The dark side of the Universe
5:30 pm — 7:00 pm on Friday 18 April 2014
at National Museum of Scotland, Edinburgh
Simulation of dark matter distribution, Springel et al. (2005)
Public lecture by Dr Clare Burrage as part of the 2014 Edinburgh International Science Festival
Billions of years ago the Big Bang sent everything flying apart. In theory, gravity should stop galaxies from moving apart and matter should eventually re-collapse on itself. Surprisingly, we have learnt that galaxies are actually moving apart with ever-increasing speed. Nothing in our current knowledge of physics can explain this, but theorists are developing a solution: dark energy. Roughly 70% of our universe is comprised of dark energy and yet so little is known about it, but satellite and laboratory experiments are under way. Join Dr Clare Burrage as she reveals the nature of dark energy, how it affects other matter in the universe, and what plans we have for observing this mysterious force.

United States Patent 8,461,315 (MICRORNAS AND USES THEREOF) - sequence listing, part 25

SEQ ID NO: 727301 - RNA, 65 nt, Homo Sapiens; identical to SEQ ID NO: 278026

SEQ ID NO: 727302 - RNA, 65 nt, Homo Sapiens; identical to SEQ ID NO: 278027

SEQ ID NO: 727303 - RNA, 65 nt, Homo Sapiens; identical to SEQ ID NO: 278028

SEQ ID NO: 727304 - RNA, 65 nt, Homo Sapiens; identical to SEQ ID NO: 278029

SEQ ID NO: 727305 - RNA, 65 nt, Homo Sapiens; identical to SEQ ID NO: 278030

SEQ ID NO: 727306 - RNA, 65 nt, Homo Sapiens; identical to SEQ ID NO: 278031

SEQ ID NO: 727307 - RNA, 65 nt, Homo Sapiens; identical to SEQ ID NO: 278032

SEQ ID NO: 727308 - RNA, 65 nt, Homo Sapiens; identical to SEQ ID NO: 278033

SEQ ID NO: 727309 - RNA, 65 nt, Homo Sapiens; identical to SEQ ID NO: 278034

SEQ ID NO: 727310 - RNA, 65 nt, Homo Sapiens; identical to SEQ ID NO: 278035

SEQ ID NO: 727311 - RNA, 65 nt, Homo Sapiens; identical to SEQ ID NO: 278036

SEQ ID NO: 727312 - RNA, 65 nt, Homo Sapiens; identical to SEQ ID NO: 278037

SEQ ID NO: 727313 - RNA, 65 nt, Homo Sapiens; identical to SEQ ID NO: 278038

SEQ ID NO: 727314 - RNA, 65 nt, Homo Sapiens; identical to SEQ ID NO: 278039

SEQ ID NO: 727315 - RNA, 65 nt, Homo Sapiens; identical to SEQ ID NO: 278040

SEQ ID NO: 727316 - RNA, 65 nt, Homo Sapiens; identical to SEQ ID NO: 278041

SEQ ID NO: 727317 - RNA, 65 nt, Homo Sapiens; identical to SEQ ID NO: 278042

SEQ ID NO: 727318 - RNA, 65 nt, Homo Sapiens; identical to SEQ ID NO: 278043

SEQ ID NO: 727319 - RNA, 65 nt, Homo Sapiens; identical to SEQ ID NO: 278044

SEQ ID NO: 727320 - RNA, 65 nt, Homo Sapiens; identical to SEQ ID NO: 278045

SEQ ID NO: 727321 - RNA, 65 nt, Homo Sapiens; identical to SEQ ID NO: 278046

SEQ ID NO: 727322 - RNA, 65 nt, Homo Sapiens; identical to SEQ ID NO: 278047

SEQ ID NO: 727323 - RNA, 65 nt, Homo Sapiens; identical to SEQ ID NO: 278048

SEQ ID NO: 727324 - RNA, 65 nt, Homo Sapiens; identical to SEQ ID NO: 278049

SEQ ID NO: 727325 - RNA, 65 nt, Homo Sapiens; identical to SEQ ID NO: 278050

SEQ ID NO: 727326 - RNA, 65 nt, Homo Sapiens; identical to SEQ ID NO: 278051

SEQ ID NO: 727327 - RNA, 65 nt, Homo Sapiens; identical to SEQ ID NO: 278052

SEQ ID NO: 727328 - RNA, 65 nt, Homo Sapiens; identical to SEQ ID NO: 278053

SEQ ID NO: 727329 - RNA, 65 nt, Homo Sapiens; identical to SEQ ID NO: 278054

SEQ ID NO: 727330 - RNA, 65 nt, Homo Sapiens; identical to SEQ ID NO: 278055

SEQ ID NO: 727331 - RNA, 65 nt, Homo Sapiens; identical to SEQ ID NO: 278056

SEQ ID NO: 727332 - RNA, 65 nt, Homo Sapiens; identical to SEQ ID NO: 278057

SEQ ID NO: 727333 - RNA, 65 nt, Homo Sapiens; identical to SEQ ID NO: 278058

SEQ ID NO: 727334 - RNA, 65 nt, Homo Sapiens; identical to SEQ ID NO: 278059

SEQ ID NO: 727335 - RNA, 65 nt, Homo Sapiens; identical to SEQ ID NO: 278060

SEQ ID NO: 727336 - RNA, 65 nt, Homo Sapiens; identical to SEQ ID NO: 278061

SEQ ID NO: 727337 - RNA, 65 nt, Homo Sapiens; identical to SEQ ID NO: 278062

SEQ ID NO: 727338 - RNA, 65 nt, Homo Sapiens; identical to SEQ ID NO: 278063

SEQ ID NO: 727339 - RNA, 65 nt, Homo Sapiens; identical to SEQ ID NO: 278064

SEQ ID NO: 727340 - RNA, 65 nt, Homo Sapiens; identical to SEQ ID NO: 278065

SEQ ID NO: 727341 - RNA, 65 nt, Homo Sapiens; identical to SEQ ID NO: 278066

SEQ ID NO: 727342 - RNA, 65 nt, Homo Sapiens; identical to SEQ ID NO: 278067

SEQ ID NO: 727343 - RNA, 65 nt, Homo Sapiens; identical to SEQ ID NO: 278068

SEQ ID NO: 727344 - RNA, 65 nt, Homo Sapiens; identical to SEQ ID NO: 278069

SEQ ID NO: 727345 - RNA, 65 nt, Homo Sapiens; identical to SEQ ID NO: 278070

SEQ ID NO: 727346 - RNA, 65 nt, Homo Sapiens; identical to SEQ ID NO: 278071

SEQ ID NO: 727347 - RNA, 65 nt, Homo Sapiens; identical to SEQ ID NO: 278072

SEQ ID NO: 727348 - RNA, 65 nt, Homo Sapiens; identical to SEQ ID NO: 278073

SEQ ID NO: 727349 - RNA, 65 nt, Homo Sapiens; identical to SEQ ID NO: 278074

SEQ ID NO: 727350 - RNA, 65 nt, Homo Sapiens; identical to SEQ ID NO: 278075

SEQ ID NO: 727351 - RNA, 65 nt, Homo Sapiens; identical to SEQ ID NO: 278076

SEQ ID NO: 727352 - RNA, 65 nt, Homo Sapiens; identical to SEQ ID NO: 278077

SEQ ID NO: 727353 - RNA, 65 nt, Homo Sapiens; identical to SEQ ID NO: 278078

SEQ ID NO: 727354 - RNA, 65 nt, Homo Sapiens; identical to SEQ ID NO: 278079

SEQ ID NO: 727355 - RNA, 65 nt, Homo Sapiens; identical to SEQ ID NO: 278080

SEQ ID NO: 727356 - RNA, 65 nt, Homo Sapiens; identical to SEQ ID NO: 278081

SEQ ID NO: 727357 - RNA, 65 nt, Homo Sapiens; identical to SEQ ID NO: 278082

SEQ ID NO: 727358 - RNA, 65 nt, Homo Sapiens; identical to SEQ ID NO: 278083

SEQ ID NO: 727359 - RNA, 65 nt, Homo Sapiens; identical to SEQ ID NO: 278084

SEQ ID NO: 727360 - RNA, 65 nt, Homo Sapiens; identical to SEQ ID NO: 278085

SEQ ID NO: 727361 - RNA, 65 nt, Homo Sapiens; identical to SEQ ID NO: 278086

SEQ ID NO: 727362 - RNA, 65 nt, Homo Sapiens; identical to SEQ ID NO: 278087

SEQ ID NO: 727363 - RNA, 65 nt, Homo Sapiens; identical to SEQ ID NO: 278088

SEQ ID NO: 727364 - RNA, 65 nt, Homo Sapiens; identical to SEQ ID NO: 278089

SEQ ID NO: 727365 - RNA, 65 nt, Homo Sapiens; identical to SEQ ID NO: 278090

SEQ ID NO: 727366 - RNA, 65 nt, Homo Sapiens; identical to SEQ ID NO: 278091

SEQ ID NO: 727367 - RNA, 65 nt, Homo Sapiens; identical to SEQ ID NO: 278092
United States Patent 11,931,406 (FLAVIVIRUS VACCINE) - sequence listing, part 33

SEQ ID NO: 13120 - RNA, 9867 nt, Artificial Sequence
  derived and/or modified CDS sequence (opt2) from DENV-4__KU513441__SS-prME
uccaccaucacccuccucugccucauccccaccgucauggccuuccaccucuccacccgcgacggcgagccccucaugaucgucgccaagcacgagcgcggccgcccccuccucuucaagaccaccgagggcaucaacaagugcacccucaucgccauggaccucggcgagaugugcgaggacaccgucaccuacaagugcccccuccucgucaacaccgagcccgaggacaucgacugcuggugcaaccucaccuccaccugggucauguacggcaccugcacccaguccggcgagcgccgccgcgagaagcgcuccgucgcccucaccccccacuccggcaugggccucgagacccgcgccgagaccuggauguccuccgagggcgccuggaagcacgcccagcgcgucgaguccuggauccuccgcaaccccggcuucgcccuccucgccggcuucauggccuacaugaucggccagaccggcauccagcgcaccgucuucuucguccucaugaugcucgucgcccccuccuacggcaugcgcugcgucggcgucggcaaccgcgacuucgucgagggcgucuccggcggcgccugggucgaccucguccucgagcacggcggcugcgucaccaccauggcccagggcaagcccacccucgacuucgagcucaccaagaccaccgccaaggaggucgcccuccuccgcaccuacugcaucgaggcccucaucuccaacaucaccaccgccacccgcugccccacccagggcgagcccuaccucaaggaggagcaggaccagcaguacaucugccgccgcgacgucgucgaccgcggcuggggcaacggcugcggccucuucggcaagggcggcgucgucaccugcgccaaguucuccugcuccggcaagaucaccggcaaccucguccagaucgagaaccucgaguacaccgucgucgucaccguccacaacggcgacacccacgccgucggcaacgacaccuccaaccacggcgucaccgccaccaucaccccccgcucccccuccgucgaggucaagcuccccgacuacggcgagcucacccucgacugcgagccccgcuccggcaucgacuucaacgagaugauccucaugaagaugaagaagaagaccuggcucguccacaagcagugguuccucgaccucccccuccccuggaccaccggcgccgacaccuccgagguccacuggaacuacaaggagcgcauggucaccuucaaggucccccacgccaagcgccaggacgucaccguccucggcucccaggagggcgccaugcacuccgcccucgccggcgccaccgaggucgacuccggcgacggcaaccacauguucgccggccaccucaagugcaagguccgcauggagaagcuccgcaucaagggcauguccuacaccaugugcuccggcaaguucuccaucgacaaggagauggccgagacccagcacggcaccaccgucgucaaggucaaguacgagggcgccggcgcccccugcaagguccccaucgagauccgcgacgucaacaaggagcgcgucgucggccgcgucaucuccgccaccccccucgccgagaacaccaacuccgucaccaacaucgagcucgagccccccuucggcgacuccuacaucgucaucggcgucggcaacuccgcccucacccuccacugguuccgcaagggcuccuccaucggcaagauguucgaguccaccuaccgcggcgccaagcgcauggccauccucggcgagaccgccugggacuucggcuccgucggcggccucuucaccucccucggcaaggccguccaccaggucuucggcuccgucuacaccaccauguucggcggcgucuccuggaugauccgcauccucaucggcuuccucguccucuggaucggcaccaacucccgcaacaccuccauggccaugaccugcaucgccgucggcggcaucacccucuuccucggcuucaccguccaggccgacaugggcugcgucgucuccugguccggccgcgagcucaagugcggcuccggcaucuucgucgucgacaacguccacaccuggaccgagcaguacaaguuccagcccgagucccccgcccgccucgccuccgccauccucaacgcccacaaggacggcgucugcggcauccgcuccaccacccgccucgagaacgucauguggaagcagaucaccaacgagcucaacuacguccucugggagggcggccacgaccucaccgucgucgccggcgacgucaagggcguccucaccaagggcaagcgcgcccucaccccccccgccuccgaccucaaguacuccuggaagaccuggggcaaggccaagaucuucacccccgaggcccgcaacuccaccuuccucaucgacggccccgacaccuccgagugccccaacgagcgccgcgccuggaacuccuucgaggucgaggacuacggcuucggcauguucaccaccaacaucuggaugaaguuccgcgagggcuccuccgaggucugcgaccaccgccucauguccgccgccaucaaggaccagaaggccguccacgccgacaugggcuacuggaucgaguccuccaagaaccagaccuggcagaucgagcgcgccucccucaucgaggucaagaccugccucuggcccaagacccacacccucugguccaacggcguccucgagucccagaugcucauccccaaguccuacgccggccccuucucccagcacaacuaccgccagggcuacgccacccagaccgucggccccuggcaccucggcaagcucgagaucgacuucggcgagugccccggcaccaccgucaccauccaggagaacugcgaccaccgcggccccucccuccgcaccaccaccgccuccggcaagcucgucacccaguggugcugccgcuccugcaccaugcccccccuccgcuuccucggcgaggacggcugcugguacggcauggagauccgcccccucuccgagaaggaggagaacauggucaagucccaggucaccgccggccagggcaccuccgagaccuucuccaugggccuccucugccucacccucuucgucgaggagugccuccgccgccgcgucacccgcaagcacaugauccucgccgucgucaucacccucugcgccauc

Dr Clare Burrage is a Royal Society University Research Fellow in the School of Physics and Astronomy at the University of Nottingham.
This event is chaired by Professor James Hough OBE FRS who is Associate Director of the Institute for Gravitational Research at the University of Glasgow.
Attending this event
This is a ticketed event. For further information on the venue and to book tickets for this event, please visit the website. This event is part of the Edinburgh International Science Festival.
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